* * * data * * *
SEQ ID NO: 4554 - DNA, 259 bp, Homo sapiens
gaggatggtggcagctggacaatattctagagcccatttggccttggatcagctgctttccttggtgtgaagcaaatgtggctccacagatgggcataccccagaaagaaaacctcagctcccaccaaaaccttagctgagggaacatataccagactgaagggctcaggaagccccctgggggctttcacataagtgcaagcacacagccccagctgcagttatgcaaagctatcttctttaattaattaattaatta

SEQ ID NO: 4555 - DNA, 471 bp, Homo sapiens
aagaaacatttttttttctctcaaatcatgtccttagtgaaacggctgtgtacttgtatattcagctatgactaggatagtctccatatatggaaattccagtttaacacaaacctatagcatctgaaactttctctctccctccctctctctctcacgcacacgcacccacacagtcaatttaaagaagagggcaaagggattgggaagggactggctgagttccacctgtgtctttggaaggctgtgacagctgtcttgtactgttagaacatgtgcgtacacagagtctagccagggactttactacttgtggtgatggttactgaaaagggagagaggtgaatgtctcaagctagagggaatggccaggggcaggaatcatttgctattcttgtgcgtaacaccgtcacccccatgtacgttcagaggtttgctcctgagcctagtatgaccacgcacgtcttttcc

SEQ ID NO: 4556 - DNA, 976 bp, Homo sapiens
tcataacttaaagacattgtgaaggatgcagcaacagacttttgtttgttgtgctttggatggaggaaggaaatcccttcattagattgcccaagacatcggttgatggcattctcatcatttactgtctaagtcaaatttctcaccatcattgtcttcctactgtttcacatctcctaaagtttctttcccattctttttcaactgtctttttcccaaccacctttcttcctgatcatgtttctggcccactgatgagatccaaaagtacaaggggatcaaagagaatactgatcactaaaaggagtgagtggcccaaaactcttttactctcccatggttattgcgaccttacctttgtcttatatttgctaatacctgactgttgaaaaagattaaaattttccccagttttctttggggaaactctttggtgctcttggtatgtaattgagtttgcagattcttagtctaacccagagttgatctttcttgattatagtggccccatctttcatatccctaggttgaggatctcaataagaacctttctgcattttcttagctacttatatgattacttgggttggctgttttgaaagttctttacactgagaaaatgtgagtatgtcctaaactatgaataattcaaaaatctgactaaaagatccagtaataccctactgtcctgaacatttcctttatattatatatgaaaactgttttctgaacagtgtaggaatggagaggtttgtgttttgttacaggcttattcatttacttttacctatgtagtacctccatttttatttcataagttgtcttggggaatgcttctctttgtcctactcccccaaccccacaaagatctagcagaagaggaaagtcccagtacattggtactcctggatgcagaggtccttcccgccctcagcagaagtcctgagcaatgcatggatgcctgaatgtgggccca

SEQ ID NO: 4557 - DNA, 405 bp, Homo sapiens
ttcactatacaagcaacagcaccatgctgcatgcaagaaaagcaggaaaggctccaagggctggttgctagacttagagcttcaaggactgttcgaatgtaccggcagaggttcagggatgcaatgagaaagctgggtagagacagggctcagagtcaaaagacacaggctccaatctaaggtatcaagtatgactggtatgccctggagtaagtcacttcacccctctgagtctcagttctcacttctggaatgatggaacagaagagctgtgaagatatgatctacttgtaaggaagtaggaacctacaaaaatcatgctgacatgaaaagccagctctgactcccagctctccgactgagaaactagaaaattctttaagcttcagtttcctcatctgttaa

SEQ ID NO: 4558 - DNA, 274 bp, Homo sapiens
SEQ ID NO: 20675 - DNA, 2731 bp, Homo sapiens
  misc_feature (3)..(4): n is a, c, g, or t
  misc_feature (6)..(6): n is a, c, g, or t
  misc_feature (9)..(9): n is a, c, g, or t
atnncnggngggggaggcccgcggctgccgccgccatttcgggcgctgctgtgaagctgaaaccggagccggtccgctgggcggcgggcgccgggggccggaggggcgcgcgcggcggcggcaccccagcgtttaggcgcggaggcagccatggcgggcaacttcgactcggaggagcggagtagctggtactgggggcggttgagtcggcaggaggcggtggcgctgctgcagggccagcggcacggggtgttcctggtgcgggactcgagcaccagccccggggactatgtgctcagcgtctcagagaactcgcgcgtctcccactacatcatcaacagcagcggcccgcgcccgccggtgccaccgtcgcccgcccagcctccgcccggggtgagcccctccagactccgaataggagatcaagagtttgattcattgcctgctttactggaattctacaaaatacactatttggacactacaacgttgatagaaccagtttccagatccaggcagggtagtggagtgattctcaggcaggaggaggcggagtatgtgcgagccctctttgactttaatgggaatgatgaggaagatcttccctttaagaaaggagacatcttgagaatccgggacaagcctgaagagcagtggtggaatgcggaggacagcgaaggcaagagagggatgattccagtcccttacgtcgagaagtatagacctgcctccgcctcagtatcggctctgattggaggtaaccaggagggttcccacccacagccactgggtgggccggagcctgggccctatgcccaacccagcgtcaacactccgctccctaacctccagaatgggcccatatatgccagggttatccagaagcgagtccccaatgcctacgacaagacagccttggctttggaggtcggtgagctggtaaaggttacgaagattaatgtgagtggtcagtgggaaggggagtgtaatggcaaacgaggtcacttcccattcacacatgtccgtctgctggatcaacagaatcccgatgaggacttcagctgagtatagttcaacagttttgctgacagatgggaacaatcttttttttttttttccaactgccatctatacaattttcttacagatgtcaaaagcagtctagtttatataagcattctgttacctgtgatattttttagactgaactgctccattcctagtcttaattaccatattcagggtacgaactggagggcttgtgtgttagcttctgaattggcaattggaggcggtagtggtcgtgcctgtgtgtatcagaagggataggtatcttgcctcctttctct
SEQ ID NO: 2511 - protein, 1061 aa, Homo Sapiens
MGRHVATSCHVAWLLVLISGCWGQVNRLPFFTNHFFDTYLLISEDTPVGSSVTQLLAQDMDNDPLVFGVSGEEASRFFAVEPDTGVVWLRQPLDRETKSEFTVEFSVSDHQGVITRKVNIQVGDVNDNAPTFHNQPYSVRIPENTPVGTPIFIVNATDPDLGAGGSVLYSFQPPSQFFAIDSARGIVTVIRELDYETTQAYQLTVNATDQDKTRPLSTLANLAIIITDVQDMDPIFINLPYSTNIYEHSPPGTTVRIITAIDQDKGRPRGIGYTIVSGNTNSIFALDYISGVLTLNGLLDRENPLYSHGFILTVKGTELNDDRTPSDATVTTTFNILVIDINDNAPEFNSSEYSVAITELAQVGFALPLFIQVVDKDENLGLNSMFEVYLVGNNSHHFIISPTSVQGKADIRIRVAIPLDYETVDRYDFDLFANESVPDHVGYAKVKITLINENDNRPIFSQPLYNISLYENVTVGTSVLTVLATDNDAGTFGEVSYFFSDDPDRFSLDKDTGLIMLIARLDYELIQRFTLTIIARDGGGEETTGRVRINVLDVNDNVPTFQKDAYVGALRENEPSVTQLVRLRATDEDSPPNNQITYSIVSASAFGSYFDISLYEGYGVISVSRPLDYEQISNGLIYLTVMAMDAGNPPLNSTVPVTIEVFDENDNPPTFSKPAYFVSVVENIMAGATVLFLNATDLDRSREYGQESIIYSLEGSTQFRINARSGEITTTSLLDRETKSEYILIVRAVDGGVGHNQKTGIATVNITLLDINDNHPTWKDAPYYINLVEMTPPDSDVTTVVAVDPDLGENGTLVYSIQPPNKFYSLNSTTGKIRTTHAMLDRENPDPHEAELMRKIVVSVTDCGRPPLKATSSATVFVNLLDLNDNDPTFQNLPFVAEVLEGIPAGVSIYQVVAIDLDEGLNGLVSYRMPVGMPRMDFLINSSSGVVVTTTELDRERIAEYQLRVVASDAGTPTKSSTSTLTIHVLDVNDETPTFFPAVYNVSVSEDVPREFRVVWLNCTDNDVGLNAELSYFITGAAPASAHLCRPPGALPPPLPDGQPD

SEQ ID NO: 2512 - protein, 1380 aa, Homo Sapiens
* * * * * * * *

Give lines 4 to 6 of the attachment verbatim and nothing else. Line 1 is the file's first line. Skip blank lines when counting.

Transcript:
aagaaacatttttttttctctcaaatcatgtccttagtgaaacggctgtgtacttgtatattcagctatgactaggatagtctccatatatggaaattccagtttaacacaaacctatagcatctgaaactttctctctccctccctctctctctcacgcacacgcacccacacagtcaatttaaagaagagggcaaagggattgggaagggactggctgagttccacctgtgtctttggaaggctgtgacagctgtcttgtactgttagaacatgtgcgtacacagagtctagccagggactttactacttgtggtgatggttactgaaaagggagagaggtgaatgtctcaagctagagggaatggccaggggcaggaatcatttgctattcttgtgcgtaacaccgtcacccccatgtacgttcagaggtttgctcctgagcctagtatgaccacgcacgtcttttcc

SEQ ID NO: 4556 - DNA, 976 bp, Homo sapiens
tcataacttaaagacattgtgaaggatgcagcaacagacttttgtttgttgtgctttggatggaggaaggaaatcccttcattagattgcccaagacatcggttgatggcattctcatcatttactgtctaagtcaaatttctcaccatcattgtcttcctactgtttcacatctcctaaagtttctttcccattctttttcaactgtctttttcccaaccacctttcttcctgatcatgtttctggcccactgatgagatccaaaagtacaaggggatcaaagagaatactgatcactaaaaggagtgagtggcccaaaactcttttactctcccatggttattgcgaccttacctttgtcttatatttgctaatacctgactgttgaaaaagattaaaattttccccagttttctttggggaaactctttggtgctcttggtatgtaattgagtttgcagattcttagtctaacccagagttgatctttcttgattatagtggccccatctttcatatccctaggttgaggatctcaataagaacctttctgcattttcttagctacttatatgattacttgggttggctgttttgaaagttctttacactgagaaaatgtgagtatgtcctaaactatgaataattcaaaaatctgactaaaagatccagtaataccctactgtcctgaacatttcctttatattatatatgaaaactgttttctgaacagtgtaggaatggagaggtttgtgttttgttacaggcttattcatttacttttacctatgtagtacctccatttttatttcataagttgtcttggggaatgcttctctttgtcctactcccccaaccccacaaagatctagcagaagaggaaagtcccagtacattggtactcctggatgcagaggtccttcccgccctcagcagaagtcctgagcaatgcatggatgcctgaatgtgggccca